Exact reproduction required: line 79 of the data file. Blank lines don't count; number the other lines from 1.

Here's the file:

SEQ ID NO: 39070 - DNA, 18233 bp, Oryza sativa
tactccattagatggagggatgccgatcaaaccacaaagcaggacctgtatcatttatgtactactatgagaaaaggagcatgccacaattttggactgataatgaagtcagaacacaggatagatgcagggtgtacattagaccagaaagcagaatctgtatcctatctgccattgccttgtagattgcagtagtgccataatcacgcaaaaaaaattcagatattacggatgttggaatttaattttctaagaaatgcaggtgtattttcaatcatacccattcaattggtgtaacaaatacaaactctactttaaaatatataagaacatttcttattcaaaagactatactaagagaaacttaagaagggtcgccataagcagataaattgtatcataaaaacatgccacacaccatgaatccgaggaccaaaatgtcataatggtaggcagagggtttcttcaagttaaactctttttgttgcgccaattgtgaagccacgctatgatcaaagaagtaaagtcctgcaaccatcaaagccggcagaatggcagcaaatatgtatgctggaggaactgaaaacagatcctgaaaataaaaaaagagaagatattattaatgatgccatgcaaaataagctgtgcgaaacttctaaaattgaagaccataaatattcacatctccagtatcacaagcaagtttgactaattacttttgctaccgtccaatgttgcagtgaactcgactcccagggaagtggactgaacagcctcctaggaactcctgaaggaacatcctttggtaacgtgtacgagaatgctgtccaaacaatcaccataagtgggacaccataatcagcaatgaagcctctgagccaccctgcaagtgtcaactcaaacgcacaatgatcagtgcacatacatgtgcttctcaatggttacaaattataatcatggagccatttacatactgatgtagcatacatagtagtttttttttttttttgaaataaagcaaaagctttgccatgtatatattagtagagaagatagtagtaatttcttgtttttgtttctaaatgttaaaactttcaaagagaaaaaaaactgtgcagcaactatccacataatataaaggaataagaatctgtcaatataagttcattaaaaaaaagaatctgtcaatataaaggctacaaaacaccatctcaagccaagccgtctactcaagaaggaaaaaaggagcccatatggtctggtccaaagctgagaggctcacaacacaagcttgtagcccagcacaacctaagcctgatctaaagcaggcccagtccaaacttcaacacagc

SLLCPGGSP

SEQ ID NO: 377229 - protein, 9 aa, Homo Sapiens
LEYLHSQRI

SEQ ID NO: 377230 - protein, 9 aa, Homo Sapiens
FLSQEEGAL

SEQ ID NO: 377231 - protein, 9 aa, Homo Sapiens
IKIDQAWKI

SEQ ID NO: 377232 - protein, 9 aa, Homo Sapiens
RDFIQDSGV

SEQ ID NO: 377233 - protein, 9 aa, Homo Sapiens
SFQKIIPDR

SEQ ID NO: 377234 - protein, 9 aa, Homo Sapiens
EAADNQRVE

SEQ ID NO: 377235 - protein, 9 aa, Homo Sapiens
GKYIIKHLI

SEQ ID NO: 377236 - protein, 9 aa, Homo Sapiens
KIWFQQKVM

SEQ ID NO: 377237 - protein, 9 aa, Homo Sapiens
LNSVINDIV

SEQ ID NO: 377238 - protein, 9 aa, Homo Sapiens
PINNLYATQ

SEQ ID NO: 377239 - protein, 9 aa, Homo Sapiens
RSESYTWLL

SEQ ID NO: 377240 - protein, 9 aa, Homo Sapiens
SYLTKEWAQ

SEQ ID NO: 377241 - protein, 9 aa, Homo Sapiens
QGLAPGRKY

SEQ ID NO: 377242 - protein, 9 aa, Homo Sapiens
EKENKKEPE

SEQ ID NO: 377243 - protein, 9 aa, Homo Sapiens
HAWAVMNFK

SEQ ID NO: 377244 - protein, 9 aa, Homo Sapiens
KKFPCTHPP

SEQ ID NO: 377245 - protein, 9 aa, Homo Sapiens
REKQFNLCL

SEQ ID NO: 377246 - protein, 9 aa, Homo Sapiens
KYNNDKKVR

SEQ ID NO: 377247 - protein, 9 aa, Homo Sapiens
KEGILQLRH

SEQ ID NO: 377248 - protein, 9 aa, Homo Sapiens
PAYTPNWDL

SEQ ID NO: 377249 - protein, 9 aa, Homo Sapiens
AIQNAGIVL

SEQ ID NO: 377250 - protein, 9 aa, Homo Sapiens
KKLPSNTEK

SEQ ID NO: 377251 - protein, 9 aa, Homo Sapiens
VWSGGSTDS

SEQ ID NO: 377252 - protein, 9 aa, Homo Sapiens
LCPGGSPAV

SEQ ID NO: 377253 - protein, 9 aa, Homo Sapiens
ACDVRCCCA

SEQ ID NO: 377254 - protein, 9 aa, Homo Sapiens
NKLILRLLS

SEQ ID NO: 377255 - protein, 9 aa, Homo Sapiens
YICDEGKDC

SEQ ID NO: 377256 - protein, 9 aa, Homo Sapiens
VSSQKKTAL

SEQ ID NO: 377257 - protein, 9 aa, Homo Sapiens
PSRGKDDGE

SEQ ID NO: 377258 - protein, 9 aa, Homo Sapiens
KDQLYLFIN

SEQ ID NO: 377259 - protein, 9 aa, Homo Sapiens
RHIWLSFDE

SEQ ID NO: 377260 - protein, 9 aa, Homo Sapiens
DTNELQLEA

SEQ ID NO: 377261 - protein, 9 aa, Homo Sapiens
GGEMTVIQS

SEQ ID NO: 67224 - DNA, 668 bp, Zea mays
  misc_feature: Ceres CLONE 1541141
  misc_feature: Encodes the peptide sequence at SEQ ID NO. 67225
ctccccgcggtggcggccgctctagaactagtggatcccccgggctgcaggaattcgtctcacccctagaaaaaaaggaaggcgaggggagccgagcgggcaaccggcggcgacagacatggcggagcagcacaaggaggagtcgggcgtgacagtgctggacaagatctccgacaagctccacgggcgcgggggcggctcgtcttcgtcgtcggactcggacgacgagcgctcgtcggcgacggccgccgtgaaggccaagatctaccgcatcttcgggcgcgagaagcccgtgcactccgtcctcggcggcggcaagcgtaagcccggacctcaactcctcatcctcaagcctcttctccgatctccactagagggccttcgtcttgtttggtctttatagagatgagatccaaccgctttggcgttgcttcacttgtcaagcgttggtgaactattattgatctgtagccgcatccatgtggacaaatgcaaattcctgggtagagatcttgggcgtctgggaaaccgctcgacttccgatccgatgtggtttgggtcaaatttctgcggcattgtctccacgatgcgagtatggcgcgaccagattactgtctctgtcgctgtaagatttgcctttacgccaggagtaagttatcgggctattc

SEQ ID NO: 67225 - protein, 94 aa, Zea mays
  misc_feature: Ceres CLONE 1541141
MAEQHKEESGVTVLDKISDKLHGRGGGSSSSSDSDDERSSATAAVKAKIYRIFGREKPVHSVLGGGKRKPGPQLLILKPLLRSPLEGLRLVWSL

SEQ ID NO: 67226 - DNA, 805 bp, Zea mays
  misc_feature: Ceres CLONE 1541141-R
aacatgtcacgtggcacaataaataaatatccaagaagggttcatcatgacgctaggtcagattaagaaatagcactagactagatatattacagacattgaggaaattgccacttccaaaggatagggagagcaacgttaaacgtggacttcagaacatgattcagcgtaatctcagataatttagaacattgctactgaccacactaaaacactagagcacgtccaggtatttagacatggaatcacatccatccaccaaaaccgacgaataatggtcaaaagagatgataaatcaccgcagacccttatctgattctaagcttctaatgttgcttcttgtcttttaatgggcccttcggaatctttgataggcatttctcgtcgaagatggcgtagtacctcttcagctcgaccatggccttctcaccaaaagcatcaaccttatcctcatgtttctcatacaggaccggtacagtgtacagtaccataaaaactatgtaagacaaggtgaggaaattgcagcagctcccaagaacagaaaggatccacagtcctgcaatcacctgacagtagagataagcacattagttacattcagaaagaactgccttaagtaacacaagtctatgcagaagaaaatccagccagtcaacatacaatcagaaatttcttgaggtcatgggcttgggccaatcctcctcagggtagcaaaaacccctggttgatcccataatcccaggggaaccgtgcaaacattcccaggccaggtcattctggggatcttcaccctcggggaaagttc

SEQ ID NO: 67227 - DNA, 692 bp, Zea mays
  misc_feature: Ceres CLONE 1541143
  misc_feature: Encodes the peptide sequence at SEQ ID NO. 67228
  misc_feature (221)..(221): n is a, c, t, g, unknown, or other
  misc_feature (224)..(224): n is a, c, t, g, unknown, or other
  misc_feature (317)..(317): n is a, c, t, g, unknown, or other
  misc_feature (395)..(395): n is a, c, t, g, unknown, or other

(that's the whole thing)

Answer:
aacatgtcacgtggcacaataaataaatatccaagaagggttcatcatgacgctaggtcagattaagaaatagcactagactagatatattacagacattgaggaaattgccacttccaaaggatagggagagcaacgttaaacgtggacttcagaacatgattcagcgtaatctcagataatttagaacattgctactgaccacactaaaacactagagcacgtccaggtatttagacatggaatcacatccatccaccaaaaccgacgaataatggtcaaaagagatgataaatcaccgcagacccttatctgattctaagcttctaatgttgcttcttgtcttttaatgggcccttcggaatctttgataggcatttctcgtcgaagatggcgtagtacctcttcagctcgaccatggccttctcaccaaaagcatcaaccttatcctcatgtttctcatacaggaccggtacagtgtacagtaccataaaaactatgtaagacaaggtgaggaaattgcagcagctcccaagaacagaaaggatccacagtcctgcaatcacctgacagtagagataagcacattagttacattcagaaagaactgccttaagtaacacaagtctatgcagaagaaaatccagccagtcaacatacaatcagaaatttcttgaggtcatgggcttgggccaatcctcctcagggtagcaaaaacccctggttgatcccataatcccaggggaaccgtgcaaacattcccaggccaggtcattctggggatcttcaccctcggggaaagttc